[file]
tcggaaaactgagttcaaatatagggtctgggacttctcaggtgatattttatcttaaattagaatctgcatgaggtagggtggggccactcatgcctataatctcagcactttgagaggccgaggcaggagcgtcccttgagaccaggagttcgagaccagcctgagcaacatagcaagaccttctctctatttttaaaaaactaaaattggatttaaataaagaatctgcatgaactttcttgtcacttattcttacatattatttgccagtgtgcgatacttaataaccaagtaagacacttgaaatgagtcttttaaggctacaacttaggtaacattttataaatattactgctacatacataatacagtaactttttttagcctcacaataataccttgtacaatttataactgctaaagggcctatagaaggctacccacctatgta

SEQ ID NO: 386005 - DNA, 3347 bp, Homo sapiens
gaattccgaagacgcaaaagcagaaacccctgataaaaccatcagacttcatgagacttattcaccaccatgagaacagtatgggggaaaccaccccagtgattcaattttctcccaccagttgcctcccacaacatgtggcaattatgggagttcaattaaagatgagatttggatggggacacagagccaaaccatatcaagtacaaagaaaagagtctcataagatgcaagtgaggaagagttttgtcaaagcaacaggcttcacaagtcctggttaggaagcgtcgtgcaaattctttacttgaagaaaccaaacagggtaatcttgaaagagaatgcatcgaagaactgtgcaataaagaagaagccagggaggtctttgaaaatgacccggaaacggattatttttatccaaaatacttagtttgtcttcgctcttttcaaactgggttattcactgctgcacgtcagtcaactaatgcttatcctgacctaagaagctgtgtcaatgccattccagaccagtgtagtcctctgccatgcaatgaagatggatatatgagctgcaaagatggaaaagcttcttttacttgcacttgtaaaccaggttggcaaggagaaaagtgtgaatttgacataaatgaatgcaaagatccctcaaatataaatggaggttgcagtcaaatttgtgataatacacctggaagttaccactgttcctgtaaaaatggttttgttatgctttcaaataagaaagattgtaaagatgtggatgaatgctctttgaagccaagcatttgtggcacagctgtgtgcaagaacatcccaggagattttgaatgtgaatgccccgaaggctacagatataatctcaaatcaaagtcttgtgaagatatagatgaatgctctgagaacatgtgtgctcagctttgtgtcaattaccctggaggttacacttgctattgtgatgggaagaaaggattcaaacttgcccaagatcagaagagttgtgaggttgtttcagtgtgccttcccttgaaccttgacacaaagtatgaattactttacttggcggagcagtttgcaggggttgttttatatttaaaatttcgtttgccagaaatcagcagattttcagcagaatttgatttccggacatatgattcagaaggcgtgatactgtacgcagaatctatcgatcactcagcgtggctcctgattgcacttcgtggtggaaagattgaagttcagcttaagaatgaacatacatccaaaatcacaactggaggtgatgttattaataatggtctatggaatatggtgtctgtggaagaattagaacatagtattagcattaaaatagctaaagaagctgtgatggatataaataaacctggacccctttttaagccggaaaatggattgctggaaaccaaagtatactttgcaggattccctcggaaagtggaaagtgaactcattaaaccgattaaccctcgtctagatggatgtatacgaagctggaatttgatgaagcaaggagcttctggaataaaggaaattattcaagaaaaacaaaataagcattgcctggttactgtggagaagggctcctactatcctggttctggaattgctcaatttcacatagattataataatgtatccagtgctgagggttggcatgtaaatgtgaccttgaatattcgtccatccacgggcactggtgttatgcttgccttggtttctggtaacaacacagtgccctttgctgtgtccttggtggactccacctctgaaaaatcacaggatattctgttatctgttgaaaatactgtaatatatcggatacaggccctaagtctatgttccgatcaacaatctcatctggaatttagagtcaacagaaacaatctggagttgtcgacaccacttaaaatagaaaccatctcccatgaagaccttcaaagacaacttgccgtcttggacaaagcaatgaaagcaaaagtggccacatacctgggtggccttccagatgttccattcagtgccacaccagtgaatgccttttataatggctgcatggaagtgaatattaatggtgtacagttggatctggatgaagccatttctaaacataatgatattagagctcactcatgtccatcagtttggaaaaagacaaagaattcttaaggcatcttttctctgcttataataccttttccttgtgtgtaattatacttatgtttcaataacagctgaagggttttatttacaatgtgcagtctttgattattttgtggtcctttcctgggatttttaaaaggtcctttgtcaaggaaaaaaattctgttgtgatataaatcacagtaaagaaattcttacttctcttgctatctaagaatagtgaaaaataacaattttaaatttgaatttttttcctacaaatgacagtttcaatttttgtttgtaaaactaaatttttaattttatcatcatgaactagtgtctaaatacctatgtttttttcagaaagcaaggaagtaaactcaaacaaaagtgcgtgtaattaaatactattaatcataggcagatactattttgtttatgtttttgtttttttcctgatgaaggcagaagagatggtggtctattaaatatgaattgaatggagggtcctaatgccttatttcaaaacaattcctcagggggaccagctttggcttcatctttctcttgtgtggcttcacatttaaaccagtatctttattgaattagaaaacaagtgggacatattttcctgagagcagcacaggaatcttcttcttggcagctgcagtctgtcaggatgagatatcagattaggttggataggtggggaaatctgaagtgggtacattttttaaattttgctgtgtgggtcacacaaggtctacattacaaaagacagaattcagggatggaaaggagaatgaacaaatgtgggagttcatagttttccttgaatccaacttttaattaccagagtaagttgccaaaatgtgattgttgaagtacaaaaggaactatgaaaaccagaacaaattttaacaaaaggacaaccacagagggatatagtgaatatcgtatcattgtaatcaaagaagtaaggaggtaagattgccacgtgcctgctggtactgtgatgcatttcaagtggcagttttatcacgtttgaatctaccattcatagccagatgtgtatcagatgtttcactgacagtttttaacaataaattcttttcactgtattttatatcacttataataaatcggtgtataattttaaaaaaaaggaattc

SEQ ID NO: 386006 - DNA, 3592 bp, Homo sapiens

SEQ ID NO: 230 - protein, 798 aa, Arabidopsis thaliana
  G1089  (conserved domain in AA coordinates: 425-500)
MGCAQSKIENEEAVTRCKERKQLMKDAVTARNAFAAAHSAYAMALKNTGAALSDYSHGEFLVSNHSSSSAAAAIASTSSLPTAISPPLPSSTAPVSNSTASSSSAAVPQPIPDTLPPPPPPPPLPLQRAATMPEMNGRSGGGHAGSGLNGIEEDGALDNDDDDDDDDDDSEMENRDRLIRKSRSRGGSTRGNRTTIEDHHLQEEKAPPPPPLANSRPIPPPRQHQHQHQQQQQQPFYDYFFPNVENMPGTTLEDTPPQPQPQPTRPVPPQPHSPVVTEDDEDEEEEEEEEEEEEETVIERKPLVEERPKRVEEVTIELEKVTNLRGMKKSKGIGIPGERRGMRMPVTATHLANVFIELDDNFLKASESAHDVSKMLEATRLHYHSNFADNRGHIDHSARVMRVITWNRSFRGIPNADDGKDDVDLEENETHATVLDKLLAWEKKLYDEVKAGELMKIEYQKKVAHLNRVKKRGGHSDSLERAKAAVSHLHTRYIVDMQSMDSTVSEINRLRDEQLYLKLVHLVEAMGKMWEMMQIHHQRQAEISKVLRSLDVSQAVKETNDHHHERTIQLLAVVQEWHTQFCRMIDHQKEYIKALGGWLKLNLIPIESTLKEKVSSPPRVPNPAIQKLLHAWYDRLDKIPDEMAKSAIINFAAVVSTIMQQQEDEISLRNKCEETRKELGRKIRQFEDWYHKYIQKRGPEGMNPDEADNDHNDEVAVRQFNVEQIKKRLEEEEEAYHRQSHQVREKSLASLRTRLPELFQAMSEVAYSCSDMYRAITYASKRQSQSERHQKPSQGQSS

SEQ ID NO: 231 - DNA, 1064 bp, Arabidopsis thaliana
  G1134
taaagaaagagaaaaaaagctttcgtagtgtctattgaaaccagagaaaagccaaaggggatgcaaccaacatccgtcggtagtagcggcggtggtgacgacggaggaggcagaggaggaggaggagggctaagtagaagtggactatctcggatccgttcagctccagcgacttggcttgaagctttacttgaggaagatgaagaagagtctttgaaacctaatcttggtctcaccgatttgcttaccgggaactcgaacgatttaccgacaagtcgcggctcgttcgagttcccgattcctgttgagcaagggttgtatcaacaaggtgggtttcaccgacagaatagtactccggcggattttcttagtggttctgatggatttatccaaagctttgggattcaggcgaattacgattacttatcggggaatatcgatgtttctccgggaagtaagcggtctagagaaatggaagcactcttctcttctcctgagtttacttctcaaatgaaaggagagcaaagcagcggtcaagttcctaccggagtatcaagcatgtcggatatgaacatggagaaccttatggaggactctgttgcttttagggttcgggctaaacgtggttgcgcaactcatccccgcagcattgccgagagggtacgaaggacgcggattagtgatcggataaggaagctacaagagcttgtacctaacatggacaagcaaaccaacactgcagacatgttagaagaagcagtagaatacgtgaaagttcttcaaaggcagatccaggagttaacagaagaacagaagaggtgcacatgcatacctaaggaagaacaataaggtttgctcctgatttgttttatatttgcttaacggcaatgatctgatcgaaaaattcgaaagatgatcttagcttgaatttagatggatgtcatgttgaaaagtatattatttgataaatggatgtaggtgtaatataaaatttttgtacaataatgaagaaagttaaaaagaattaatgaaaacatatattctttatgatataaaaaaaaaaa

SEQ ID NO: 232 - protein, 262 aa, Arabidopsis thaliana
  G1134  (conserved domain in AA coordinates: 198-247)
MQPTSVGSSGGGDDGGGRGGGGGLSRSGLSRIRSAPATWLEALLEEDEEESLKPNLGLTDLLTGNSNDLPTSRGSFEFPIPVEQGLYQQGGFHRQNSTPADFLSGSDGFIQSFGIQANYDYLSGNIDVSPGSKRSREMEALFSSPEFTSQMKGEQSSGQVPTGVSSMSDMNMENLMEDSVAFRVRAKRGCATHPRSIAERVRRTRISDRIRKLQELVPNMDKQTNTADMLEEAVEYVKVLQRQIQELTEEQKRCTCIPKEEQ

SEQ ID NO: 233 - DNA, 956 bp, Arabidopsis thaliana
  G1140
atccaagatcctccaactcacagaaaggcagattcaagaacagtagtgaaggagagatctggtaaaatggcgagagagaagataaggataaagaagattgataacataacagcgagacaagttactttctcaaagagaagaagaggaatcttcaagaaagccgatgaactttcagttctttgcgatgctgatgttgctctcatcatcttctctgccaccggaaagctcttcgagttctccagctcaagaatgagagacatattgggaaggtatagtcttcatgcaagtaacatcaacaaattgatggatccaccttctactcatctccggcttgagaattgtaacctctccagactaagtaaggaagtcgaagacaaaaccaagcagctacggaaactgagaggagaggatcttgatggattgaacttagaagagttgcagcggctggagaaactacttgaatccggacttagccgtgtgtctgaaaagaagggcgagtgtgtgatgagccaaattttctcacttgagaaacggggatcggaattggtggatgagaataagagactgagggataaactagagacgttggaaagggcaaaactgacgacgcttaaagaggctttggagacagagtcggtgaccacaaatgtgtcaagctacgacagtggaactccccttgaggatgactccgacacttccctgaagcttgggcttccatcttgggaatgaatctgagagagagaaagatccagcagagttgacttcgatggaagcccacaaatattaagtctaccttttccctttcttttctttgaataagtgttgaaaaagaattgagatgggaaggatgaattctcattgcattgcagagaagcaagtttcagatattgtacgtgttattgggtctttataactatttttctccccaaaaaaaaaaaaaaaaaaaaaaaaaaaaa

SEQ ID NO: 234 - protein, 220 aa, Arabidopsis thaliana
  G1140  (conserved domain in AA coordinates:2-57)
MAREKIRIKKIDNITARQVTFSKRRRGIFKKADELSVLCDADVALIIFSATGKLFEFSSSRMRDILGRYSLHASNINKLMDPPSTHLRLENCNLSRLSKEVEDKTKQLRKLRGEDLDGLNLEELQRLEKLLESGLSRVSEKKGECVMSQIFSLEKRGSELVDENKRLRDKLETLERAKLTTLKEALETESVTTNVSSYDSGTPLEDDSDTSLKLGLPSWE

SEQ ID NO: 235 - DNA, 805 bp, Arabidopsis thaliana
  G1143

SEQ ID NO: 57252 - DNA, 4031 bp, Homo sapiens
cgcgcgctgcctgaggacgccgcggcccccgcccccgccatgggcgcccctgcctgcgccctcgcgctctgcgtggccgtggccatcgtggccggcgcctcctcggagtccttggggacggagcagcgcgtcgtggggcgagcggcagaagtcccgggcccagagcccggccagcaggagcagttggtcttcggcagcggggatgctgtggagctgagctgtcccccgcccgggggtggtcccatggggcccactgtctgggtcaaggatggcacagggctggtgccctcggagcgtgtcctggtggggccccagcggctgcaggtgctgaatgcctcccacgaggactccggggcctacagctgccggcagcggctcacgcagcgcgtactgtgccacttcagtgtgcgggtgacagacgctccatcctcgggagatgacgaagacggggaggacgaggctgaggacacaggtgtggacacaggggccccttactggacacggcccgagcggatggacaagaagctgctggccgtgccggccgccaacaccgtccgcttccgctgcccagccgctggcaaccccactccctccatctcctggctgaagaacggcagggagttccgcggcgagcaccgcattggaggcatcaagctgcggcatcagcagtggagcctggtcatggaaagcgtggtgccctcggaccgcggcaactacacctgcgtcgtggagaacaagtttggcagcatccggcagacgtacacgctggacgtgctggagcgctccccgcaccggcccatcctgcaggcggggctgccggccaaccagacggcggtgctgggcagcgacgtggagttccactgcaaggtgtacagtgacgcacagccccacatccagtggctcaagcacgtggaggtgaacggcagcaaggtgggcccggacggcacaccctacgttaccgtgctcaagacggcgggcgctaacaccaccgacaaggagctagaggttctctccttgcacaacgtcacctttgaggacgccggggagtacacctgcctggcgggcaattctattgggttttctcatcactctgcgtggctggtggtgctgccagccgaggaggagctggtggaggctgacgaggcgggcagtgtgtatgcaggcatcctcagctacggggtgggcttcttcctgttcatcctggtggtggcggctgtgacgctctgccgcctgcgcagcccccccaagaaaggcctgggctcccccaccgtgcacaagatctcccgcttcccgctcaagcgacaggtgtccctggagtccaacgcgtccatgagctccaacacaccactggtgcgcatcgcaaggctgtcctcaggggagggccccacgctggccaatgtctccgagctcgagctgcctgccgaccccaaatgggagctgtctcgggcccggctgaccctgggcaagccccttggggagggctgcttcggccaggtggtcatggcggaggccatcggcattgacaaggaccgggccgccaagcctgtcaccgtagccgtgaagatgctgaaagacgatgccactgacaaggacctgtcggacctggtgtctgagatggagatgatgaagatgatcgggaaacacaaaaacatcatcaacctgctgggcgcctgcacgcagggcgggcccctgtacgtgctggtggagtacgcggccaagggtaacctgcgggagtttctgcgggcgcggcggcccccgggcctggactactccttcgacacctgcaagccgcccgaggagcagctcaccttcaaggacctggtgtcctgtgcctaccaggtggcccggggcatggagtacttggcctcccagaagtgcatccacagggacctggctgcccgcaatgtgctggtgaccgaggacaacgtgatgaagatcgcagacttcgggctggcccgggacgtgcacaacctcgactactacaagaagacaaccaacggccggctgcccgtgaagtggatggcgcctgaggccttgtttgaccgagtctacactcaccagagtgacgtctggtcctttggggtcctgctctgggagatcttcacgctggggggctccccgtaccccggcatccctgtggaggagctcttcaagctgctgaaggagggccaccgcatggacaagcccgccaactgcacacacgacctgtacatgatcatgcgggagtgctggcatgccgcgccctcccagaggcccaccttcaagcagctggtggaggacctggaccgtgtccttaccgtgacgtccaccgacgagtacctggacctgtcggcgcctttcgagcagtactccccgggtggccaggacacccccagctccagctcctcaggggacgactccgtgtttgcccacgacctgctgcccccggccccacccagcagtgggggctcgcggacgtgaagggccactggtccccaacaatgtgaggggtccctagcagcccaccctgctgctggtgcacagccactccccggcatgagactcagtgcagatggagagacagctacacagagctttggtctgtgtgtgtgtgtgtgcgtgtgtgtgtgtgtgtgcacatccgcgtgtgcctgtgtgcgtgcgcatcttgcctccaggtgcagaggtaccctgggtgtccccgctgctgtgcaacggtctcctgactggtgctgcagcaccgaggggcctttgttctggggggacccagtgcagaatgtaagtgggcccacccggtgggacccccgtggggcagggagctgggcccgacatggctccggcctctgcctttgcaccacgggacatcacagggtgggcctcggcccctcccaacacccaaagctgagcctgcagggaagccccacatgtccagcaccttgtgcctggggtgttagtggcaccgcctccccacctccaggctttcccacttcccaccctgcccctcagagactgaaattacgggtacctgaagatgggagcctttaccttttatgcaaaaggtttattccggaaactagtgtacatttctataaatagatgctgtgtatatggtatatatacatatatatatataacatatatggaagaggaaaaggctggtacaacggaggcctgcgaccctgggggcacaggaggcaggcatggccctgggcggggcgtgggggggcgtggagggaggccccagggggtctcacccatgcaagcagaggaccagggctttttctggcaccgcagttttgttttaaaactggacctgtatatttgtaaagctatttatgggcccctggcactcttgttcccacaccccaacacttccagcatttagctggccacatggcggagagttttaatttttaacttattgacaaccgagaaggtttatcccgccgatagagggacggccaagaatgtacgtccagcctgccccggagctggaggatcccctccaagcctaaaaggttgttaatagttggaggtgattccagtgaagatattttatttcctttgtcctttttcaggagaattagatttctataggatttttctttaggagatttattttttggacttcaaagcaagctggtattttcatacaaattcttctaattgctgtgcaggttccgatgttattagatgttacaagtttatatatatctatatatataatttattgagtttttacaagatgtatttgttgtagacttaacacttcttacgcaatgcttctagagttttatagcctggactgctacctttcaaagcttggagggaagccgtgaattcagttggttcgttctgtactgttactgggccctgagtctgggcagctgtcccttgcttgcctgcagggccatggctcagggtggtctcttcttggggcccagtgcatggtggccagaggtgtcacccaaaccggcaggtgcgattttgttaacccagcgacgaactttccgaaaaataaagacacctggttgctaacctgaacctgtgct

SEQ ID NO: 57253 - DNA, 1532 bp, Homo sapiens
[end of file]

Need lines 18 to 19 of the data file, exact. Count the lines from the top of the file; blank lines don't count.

  G1140  (conserved domain in AA coordinates:2-57)
MAREKIRIKKIDNITARQVTFSKRRRGIFKKADELSVLCDADVALIIFSATGKLFEFSSSRMRDILGRYSLHASNINKLMDPPSTHLRLENCNLSRLSKEVEDKTKQLRKLRGEDLDGLNLEELQRLEKLLESGLSRVSEKKGECVMSQIFSLEKRGSELVDENKRLRDKLETLERAKLTTLKEALETESVTTNVSSYDSGTPLEDDSDTSLKLGLPSWE